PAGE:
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Detroit vs. Minneapolis: How Rocket Mortgage Classic field compares to 3M Open

Tony Paul
The Detroit News

Detroit — Forget Detroit vs. Everybody.

This has been Detroit vs. Minneapolis.

In a battle of first-year PGA Tour tournaments, Detroit's Rocket Mortgage Classic and suburban Minneapolis' 3M Open have been waging a subtle, behind-the-scenes war, trying to secure the world's best golfers.

Rickie Fowler

Last summer, the PGA Tour announced two new stops for the 2018-19 season, Detroit next week, and Minneapolis the following week.

And almost instantly, the recruiting war began, like Harbaugh vs. Dantonio.

The 3M Open in Blaine, Minn., long the site of a Champions Tour tournament, took the early lead on the trail, securing big names like Phil Mickelson, the modern-day Arnold Palmer; major-championship hoarder Brooks Koepka, this year's PGA Championship winner, U.S. Open runner-up and top-ranked player in the world; and Jason Day, the 18th-ranked player in the world and winner of the 2015 PGA Championship.

The Rocket Mortgage Classic, set for June 27-30 at Detroit Golf Club, countered with Rickie Fowler, a no-brainer given he's a Quicken Loans pitchman, and Dustin Johnson, who won the 2016 U.S. Open and who was the No. 1-ranked player in the world when he committed to Detroit, only to since be replaced by Koepka.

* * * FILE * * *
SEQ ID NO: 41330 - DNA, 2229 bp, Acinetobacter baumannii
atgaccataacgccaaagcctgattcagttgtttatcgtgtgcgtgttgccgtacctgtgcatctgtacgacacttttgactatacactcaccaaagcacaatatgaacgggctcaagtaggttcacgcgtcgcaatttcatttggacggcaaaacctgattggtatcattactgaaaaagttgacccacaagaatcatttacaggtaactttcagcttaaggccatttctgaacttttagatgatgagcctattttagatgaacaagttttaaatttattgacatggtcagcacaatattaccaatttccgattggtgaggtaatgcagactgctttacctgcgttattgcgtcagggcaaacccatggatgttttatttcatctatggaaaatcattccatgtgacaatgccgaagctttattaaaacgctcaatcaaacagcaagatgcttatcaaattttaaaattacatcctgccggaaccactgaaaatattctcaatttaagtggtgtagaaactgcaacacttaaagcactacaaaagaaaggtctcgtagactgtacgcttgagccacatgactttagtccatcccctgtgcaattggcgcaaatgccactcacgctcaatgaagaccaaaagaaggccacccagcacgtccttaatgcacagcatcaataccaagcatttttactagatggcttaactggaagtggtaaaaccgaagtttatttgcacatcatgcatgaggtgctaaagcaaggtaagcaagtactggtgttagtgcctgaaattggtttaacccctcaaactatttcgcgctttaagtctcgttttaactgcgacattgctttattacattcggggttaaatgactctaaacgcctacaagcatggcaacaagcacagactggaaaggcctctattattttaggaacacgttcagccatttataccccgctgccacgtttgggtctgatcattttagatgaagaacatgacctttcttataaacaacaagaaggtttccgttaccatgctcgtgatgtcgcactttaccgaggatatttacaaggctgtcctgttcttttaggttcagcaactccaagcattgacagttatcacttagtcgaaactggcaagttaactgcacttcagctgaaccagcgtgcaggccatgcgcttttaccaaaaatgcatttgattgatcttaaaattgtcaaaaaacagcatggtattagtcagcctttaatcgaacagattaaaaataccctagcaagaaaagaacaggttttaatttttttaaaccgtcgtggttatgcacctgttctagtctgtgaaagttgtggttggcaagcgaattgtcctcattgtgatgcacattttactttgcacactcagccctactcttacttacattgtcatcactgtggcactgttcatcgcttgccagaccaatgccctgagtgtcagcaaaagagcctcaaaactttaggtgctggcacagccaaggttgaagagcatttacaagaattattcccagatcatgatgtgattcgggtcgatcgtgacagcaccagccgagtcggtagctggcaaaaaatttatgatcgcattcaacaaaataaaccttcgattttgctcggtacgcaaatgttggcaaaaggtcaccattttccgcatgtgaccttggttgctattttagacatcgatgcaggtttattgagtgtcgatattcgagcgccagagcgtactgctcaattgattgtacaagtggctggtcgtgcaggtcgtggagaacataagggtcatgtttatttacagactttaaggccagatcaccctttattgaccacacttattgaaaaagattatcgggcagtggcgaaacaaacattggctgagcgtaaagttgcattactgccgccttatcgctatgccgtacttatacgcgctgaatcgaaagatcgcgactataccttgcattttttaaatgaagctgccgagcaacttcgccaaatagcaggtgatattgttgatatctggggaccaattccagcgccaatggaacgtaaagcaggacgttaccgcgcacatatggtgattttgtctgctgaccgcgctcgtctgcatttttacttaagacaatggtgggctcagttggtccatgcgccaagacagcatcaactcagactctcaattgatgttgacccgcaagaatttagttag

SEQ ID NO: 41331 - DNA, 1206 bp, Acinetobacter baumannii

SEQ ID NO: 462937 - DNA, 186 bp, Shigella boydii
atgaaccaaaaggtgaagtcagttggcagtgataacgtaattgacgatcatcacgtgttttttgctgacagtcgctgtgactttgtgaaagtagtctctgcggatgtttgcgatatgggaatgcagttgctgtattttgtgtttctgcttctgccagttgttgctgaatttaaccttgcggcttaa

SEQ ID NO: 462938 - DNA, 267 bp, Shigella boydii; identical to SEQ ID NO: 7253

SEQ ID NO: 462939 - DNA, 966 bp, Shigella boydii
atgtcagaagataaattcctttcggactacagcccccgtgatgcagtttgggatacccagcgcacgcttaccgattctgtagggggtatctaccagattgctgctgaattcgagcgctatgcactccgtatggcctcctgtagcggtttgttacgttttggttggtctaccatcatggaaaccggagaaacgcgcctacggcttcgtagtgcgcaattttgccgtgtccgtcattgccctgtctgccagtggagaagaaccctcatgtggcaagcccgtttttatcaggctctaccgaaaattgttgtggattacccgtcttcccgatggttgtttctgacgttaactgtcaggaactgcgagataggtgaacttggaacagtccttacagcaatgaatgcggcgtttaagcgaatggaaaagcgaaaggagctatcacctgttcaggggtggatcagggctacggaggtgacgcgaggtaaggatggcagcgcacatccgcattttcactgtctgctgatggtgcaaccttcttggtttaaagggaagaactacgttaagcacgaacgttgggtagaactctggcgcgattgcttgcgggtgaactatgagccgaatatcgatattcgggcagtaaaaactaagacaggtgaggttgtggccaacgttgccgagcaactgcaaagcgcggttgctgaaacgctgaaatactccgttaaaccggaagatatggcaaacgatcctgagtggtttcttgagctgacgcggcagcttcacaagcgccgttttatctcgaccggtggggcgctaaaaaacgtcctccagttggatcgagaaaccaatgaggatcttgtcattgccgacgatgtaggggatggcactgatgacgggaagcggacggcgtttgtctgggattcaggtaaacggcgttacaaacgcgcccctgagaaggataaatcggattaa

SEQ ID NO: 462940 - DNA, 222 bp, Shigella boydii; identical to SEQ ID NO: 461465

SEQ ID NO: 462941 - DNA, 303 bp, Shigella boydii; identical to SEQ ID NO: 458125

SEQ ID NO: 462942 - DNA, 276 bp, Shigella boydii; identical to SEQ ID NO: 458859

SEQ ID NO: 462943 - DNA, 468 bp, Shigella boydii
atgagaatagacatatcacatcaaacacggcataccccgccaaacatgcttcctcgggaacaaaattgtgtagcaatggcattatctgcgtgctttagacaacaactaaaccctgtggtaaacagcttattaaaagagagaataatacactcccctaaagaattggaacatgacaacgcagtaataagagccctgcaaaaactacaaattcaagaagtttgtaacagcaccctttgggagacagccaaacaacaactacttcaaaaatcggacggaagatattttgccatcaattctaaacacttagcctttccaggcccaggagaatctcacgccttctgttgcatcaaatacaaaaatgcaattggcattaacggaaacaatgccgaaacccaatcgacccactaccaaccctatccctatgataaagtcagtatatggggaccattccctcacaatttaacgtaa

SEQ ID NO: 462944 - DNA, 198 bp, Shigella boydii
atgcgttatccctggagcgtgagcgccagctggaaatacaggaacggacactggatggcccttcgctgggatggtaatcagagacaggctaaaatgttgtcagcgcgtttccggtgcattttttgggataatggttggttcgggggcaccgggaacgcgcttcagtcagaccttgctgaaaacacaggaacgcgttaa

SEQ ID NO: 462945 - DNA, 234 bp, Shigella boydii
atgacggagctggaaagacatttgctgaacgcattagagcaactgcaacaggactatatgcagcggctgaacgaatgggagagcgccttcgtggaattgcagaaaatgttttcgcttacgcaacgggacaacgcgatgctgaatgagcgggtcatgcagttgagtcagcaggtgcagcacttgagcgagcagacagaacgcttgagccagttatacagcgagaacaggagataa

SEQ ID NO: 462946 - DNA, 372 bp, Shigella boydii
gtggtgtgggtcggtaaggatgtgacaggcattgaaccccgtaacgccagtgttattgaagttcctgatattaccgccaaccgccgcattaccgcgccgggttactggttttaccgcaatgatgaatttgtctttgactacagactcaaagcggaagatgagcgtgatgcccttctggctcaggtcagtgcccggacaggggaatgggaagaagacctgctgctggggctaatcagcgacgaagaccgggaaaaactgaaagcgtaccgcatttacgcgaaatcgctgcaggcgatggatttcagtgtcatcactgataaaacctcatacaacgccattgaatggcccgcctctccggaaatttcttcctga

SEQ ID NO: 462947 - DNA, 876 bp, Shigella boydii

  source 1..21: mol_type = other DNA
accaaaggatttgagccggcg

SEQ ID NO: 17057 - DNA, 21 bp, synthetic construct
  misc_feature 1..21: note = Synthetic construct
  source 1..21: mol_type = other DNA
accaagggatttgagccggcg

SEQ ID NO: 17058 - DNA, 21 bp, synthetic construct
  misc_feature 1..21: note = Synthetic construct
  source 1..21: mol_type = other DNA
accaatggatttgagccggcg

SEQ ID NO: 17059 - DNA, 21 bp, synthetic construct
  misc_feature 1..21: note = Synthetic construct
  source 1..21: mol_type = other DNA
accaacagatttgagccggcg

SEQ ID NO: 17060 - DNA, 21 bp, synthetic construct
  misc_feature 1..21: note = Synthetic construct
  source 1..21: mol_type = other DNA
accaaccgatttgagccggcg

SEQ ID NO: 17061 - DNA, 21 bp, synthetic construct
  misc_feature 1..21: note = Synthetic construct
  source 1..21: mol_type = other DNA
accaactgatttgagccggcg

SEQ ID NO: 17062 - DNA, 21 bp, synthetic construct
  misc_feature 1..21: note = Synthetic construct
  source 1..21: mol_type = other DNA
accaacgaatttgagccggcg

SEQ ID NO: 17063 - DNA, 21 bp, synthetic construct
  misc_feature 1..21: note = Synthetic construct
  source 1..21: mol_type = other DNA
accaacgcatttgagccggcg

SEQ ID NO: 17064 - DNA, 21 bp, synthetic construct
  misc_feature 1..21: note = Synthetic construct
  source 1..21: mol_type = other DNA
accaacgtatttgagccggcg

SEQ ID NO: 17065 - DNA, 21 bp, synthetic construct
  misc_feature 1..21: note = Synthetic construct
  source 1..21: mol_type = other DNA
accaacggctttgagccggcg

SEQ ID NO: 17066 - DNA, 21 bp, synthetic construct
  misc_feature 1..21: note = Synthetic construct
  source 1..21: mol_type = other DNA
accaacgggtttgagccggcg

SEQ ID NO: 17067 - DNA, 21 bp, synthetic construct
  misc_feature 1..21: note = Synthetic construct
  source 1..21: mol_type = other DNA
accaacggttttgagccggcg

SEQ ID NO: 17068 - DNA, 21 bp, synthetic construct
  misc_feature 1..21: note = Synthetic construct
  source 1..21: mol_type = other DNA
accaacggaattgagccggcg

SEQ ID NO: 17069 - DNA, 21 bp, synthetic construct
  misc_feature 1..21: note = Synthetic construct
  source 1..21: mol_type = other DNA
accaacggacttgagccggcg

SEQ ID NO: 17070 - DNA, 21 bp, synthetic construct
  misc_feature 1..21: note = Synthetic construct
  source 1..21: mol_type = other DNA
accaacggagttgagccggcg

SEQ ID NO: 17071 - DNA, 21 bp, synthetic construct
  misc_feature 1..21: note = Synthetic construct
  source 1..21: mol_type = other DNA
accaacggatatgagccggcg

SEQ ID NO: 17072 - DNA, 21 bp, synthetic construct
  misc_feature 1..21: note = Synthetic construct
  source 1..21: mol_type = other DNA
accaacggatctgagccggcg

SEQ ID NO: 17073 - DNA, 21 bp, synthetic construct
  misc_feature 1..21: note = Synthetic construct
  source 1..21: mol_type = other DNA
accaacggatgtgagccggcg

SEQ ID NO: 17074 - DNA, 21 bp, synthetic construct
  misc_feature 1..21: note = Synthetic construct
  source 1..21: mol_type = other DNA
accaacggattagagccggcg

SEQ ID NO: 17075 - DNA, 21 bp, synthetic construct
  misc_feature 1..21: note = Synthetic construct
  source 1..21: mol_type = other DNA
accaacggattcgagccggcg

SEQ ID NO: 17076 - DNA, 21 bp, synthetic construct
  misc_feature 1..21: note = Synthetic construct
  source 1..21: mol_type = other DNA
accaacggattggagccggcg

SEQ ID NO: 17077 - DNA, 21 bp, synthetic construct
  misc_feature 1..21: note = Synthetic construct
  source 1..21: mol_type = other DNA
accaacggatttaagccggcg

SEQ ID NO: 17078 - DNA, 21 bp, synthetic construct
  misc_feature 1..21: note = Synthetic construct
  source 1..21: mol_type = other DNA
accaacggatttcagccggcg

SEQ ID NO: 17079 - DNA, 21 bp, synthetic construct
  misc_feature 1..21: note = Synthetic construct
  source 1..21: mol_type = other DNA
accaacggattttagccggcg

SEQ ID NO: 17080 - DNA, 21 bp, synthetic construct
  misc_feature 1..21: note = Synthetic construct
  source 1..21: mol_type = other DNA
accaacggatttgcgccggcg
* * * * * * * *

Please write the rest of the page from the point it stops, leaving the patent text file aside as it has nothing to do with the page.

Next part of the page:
Minneapolis got No. 10 Bryson DeChambeau. Detroit got No. 12 Gary Woodland, who just happened to win the U.S. Open, and two-time Masters champion Bubba Watson. 

Both got 2018 Masters champion Patrick Reed.

Neither got Tiger Woods, the reigning Masters champion who announced after the U.S. Open that he was taking time off to spend time with family — making it very unlikely he will tee it up before next month's British Open.

Meanwhile, both continue to wait on BFFs Jordan Spieth and Justin Thomas. The deadline to enter the Rocket Mortgage Classic is 5 p.m. Friday.

Securing a top-tier PGA Tour field is a tricky task, and it involves a lot more than just the tournament's location and the purse (Detroit's is $7.3 million, Minneapolis is $6.4 million). Players want events for the wives or significant others (Detroit has planned such a gala at Shinola Hotel in Detroit), plus events for the caddies (Harold Varner III, for instance, wanted assurances on this front before committing to Detroit). There also are other perks, some talked about (cars, etc.) and some not (under-the-table appearance fees).

The other big factor is where the tournament is on the schedule, and Minneapolis had the advantage there. Minneapolis is two weeks before the British Open, a spot on the calendar that usually appeals to PGA Tour pros prepping for the next major. Detroit, meanwhile, is three weeks out, often a rest week for the biggest of the big fish.

But that hasn't deterred Detroit organizers, including tournament executive director Jason Langwell, who has been to a half-dozen or more PGA Tour tournaments to recruit. And the hope is that there's still a big name or two to reel in.

In other words, Minneapolis, beware.

Twitter: @tonypaul1984